NASA’s Jet Propulsion Laboratory scientist Thangasamy Velusamy, educators at the Lewis Center for Education Research in Southern California, and students in the center’s Solar Patrol program observed solar “active regions” — the magnetically complex regions that are often marked by sunspots — as the Moon moves over them. The Moon’s gradual passage across the Sun will block different portions of the active region at different times, allowing scientists to distinguish light signals coming from one portion versus another. The technique, first used during the May 2012 annular eclipse, reveales details on the Sun the telescope couldn’t detect before or after the eclipse.

An orange, spherical Sun. Toward the middle is a large cluster of black splotches.
This image from NASA's Solar Dynamics Observatory shows a large sunspot group, the visible part of an active region on the Sun.
NASA's Scientific Visualization Studio/SDO

Nationwide Eclipse Ballooning Project

Teams made up of over 750 student participants scattered across the U.S. launched balloons into the Moon’s shadow.

The project involves 53 teams from 75 participating institutions that follow two tracks: engineering and atmospheric science. Engineering teams used innovative large balloon systems to live stream video, observe how Earth's atmosphere changes, and conduct individually designed experiments. Atmospheric science teams flew weather sensors every hour for 24 hours prior to the eclipse and 6 hours after it to study the atmospheric response to the cold, dark shadow.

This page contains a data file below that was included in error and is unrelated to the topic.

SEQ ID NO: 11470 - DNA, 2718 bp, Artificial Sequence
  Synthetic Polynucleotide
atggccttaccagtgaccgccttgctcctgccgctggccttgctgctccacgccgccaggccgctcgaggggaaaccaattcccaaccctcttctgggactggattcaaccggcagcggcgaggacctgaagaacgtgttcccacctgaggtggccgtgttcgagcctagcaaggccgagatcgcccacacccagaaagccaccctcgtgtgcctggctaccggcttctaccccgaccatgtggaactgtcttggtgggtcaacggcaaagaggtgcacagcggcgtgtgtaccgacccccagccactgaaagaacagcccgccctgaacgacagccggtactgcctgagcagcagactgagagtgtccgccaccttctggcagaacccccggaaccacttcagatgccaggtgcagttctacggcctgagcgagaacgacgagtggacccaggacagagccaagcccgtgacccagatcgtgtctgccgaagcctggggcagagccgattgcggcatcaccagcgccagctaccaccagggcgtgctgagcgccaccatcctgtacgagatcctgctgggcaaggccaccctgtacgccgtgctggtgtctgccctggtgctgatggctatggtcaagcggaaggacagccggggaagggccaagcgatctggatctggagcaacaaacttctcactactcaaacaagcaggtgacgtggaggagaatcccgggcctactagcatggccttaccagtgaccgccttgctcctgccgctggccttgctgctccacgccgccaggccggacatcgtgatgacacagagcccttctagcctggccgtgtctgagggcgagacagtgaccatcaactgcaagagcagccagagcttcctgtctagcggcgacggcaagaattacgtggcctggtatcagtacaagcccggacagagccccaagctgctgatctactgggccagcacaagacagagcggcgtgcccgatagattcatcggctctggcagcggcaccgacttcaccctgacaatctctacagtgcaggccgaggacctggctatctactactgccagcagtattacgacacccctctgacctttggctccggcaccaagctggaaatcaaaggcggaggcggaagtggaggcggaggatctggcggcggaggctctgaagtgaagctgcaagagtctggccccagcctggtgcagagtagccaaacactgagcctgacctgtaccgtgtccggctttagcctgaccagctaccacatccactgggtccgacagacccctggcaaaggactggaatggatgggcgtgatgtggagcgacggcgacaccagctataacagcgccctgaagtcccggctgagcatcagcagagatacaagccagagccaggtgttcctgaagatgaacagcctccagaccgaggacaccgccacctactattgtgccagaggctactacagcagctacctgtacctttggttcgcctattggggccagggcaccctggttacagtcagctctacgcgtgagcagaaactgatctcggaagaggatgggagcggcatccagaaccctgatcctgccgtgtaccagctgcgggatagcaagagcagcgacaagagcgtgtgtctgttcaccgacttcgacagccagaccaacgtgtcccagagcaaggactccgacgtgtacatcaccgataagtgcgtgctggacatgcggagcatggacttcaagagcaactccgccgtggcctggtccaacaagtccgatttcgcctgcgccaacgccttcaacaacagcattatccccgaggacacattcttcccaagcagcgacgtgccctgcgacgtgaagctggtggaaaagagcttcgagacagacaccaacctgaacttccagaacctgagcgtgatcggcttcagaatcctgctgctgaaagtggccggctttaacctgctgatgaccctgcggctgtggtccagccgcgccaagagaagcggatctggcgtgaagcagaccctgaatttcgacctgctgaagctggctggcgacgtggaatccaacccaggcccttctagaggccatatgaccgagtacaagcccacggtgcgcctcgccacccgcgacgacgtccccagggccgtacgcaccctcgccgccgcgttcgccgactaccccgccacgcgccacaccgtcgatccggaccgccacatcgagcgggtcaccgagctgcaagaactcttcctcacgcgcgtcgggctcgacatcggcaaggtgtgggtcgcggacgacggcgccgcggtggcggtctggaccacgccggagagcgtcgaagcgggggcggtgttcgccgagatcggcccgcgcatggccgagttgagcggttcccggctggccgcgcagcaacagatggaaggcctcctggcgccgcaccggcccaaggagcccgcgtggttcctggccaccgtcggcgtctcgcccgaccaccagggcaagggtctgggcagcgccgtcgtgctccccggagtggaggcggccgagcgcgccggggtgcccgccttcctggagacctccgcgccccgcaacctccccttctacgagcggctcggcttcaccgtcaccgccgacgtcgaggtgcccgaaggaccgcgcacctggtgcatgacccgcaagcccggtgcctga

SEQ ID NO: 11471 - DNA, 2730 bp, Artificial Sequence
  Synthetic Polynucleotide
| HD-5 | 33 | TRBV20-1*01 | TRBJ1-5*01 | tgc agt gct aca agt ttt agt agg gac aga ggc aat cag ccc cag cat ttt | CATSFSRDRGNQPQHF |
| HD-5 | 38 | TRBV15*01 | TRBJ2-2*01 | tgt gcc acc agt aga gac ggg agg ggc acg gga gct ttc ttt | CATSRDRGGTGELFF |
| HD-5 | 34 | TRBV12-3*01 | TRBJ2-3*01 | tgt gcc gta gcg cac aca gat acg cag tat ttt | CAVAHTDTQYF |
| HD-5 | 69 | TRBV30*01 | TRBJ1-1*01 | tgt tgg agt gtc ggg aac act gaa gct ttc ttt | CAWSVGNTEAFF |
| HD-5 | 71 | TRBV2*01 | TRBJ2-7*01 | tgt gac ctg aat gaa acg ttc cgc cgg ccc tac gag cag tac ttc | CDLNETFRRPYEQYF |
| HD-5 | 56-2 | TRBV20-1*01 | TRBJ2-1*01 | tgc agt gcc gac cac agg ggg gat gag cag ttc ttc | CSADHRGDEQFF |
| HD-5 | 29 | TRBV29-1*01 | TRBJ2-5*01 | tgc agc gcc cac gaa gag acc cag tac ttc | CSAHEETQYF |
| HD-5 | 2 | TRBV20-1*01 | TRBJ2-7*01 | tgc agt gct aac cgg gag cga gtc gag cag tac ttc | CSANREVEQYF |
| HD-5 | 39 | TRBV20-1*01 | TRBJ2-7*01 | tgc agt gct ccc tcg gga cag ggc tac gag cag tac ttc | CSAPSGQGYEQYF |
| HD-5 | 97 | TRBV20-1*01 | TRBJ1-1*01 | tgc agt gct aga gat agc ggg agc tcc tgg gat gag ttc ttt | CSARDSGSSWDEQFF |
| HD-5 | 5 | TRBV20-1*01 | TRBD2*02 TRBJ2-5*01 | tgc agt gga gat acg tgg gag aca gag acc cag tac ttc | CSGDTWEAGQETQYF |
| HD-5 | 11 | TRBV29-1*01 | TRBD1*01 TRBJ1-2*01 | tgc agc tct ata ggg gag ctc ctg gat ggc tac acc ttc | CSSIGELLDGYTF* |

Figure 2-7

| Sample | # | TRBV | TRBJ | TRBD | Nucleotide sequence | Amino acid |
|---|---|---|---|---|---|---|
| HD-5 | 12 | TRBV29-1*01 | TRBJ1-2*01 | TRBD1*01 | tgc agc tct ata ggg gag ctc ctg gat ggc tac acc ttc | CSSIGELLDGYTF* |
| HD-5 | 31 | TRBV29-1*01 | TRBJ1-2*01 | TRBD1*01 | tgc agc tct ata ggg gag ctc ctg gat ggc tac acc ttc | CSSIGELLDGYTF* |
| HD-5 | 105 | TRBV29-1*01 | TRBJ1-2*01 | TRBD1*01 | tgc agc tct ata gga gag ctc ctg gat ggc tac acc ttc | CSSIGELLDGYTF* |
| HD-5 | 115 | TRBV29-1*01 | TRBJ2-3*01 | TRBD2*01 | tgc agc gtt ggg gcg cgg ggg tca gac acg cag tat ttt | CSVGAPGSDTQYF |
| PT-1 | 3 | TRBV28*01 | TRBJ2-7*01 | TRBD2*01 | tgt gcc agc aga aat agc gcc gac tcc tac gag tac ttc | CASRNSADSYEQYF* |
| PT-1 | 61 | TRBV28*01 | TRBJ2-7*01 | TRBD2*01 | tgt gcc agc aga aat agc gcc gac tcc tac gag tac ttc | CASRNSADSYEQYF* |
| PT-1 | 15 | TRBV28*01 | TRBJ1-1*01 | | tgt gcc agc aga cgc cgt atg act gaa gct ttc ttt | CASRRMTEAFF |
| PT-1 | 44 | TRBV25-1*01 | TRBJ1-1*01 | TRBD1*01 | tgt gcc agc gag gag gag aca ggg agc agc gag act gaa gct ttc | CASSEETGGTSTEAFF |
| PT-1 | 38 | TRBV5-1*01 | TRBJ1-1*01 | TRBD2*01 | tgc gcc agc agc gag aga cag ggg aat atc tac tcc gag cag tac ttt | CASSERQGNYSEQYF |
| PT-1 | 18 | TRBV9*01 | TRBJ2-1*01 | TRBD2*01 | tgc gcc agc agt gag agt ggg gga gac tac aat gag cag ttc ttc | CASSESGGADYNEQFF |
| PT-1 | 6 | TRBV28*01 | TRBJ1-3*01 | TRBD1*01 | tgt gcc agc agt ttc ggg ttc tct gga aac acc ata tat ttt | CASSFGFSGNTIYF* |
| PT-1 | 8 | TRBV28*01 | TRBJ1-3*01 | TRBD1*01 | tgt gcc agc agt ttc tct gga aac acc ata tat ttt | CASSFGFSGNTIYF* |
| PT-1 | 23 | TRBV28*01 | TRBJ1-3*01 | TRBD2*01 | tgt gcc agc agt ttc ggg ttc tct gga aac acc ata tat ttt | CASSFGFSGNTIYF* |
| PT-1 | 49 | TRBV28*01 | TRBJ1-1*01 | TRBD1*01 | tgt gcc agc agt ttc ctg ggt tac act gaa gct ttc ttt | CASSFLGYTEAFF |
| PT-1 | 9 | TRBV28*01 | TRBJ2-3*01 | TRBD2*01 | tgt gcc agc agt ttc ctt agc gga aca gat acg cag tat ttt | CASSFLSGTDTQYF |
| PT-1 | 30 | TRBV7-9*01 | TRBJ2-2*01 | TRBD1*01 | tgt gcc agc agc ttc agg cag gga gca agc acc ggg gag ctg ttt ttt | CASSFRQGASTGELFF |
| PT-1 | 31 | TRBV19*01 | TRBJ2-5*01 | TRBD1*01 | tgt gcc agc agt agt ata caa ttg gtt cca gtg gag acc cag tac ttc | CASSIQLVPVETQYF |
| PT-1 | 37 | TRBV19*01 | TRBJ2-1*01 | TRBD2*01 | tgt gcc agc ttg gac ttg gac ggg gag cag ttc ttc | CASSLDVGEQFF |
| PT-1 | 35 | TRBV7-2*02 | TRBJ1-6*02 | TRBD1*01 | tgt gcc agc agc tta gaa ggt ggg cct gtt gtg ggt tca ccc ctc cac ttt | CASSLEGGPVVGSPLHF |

NASA Goddard post-doctoral fellow John Sullivan, center, along with interns Lindsay Rodeo, left, and Lance Nino, prepare to launch a balloon that will take ozone measurements in the skies over southeastern Virginia.
NASA Goddard post-doctoral fellow John Sullivan, center, along with interns Lindsay Rodeo, left, and Lance Nino, prepare to launch a balloon that will take ozone measurements in the skies over southeastern Virginia.
NASA/David C. Bowman

Get Involved!

An illustrative poster shows the black silhouettes of five people of different heights wearing red eclipse glasses and looking at a total solar eclipse. One person points toward the eclipse. The eclipse is represented as a black disk surrounded by concentric circles of yellow and orange with white, orange, and red rays. Several spheres appear around the eclipse. At the bottom are the words “Through the eyes of NASA” and the NASA logo appears in the upper right.

Eclipse 2024 Citizen Science

Did you know there are other NASA projects studying the eclipse that involve citizen scientists? Opportunities across the eclipse path are available for people with any citizenship and experience level!

A bright looping burst of material flows off the Sun

Eclipse Science Resources

The Whole Heliosphere and Planetary Interactions group has curated a repository for eclipse activities. This list includes eclipse model predictions, various observatories, activities, and experiments.

Two women sit at a desk outside. The desk is decorated with art that represents an annular eclipse. There are people and a camera recording them. In the background are mountains.

NASA's Eclipse Broadcast

Watch the broadcast of the total solar eclipse, telescope feeds across the path, a broadcast in Spanish, and a live stream of sounding rockets, aired live on April 8, 2024.